By: Al Meyer

The ongoing battle between the Texas Medical Board (“TMB”), the Texas Medical Association (“TMA”) and Texas chiropractors appears to be at an end. For years, Texas medical doctors armed with support of their medical board and the Texas Medical Association, have attempted to limit a chiropractor’s scope of diagnosis and scope of practice. However, on June 14, 2013 the Texas Supreme Court denied a petition submitted by the Texas Medical Association and the Texas Medical Board for an additional review of an appeals court decision reversing the trial court’s ruling limiting chiropractic diagnosis and treatment to that of maladies of the spine.

In 2006 the Texas Board of Chiropractic Examiners issued regulations permitting chiropractors to render diagnoses regarding the biomechanical condition of the spine and musculoskeletal system and listed 6 typical diagnostic areas. A second rule permits chiropractors to diagnose subluxation of the spine and musculoskeletal system and lists three examples of what is within the scope of practice.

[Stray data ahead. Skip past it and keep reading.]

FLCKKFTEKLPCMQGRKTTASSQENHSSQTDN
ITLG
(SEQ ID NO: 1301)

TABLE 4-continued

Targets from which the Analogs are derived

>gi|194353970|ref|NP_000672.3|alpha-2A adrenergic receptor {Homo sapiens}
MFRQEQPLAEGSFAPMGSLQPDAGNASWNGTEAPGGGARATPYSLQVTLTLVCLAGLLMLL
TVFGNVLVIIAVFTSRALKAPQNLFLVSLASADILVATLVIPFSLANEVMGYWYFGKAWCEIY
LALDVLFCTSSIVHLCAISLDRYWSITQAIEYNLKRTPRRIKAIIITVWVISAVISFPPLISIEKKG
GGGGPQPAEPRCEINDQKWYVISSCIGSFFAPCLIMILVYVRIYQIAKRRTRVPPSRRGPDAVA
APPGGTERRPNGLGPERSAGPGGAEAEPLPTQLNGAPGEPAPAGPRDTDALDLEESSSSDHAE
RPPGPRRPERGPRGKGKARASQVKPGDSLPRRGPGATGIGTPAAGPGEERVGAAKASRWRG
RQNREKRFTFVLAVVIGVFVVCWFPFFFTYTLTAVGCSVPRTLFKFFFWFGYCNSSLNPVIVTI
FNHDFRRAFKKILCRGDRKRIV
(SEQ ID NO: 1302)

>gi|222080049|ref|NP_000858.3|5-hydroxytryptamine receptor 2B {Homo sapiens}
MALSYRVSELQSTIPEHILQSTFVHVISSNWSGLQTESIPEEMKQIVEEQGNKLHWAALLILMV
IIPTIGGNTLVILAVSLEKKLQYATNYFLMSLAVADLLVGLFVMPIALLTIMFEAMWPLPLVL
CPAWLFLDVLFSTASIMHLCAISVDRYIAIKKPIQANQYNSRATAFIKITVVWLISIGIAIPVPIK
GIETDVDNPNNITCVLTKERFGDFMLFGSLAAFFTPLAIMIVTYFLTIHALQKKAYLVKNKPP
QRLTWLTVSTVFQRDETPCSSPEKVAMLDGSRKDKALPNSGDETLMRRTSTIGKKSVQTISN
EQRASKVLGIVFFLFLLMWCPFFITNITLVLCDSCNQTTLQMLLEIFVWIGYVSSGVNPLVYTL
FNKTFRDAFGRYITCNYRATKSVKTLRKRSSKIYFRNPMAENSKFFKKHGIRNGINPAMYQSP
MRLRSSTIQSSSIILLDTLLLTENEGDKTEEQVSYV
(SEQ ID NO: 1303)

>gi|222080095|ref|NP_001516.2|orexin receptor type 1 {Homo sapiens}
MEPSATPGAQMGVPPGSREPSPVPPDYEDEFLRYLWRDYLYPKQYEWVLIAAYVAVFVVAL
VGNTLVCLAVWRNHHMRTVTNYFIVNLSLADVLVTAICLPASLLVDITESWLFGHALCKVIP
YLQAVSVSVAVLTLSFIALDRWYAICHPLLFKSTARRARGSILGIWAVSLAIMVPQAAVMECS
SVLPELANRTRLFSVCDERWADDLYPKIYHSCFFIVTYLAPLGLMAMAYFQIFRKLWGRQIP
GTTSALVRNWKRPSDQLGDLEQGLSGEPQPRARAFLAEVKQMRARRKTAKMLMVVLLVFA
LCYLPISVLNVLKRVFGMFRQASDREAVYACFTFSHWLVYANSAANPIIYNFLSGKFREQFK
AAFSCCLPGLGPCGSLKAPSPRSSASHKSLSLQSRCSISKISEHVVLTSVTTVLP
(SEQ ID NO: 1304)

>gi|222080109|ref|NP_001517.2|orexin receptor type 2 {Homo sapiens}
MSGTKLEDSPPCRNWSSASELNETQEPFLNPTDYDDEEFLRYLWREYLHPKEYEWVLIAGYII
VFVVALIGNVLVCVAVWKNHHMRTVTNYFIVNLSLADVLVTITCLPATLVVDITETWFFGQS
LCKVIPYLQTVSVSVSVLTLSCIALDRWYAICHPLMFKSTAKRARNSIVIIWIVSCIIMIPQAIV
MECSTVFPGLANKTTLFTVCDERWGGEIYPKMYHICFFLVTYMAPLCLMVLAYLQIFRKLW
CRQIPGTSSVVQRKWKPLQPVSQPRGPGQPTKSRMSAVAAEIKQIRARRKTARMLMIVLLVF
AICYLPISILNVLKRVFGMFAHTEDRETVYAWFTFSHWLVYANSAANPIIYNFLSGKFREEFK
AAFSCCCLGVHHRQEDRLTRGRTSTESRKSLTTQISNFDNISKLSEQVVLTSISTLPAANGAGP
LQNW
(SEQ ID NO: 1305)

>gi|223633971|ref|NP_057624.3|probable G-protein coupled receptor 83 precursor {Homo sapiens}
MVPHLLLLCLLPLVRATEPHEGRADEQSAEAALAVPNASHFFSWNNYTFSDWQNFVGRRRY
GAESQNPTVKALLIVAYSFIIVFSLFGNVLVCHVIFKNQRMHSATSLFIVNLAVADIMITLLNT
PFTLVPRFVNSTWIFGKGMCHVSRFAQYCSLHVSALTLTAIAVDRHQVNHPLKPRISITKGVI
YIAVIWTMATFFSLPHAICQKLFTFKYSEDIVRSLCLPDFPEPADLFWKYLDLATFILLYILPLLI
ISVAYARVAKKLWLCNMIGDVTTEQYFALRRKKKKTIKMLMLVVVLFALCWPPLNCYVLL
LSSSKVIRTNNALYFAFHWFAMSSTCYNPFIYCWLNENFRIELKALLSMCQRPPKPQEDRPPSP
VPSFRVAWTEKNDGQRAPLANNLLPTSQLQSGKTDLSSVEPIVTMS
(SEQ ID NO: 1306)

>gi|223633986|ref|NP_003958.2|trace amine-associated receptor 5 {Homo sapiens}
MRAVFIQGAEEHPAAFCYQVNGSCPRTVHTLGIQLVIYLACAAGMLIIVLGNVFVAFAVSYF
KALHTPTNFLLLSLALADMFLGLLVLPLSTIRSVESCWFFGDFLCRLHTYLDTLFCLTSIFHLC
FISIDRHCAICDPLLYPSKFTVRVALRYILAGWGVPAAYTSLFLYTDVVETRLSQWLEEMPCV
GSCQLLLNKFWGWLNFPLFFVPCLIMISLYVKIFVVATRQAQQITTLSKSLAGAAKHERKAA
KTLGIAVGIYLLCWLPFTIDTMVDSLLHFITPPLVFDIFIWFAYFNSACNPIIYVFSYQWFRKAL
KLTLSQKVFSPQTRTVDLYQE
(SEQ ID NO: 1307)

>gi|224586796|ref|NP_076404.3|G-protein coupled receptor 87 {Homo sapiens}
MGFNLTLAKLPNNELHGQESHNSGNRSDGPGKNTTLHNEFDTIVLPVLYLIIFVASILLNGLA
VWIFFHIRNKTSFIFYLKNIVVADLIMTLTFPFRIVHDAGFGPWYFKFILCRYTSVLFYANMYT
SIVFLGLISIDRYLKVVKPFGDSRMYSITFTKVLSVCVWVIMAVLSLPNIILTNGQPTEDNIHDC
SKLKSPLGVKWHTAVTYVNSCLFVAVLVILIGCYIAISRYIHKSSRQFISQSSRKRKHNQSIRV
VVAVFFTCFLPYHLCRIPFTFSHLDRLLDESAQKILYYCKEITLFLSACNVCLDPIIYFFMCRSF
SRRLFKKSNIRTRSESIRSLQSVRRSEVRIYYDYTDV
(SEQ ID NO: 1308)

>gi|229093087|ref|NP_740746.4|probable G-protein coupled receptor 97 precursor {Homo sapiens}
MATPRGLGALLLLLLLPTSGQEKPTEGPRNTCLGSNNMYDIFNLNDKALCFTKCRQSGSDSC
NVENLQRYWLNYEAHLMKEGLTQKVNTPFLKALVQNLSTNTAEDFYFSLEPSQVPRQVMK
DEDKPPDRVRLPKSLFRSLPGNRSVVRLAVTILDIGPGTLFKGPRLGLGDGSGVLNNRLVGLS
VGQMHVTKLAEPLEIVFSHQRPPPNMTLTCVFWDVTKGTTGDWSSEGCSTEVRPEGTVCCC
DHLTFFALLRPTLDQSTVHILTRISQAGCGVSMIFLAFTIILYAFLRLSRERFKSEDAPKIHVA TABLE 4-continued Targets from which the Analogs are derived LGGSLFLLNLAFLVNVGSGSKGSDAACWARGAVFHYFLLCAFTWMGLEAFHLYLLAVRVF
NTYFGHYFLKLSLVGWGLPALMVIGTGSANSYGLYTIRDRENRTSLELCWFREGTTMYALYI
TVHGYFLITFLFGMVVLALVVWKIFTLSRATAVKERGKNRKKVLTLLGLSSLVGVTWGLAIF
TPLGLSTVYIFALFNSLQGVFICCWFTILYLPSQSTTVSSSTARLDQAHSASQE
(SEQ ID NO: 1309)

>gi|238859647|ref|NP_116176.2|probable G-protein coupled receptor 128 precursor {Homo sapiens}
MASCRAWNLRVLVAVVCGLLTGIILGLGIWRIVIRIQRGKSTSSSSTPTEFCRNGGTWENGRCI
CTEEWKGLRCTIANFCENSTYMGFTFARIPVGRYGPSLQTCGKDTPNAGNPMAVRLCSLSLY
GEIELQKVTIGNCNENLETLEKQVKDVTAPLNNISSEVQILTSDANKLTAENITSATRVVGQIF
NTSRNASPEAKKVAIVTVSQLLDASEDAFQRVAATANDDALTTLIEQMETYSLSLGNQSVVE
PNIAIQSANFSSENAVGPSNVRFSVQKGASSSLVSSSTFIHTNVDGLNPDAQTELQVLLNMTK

The TMA and TMB challenged the rule claiming that the scope of the rule permitted chiropractors to diagnose neurological conditions and pathological and neuro-physiological consequences of the spine and musculoskeletal system and was well beyond the scope of chiropractic practice. The trial court rendered a verdict striking down the regulation.

The court of appeals in reversing the trial court’s decision relied, in part, on the following definition of subluxation complex as part of their rationale in its decision. The appeals court opined that the definition of subluxation complex was very broad:

Subluxation complex establishes that it is a neuromusculoskeletal condition that involves and aberrant relationship between two adjacent articular structures that may have functional or pathological sequelae, causing an alteration of the biomechanical and/or neuro-physiological reflections of these articular structures, their proximate structures, and/or other body systems that may be directly or indirectly affected by them.

This is a tremendous victory for Texas chiropractors as they will be able to continue to practice under current laws and rules as well as diagnose such conditions. For at least the foreseeable future, chiropractic in Texas remains a strong force in the health care of citizens of the Lone Star State.

Credit: Dr. James Edwards and Dynamic Chiropractic, August 1, 2013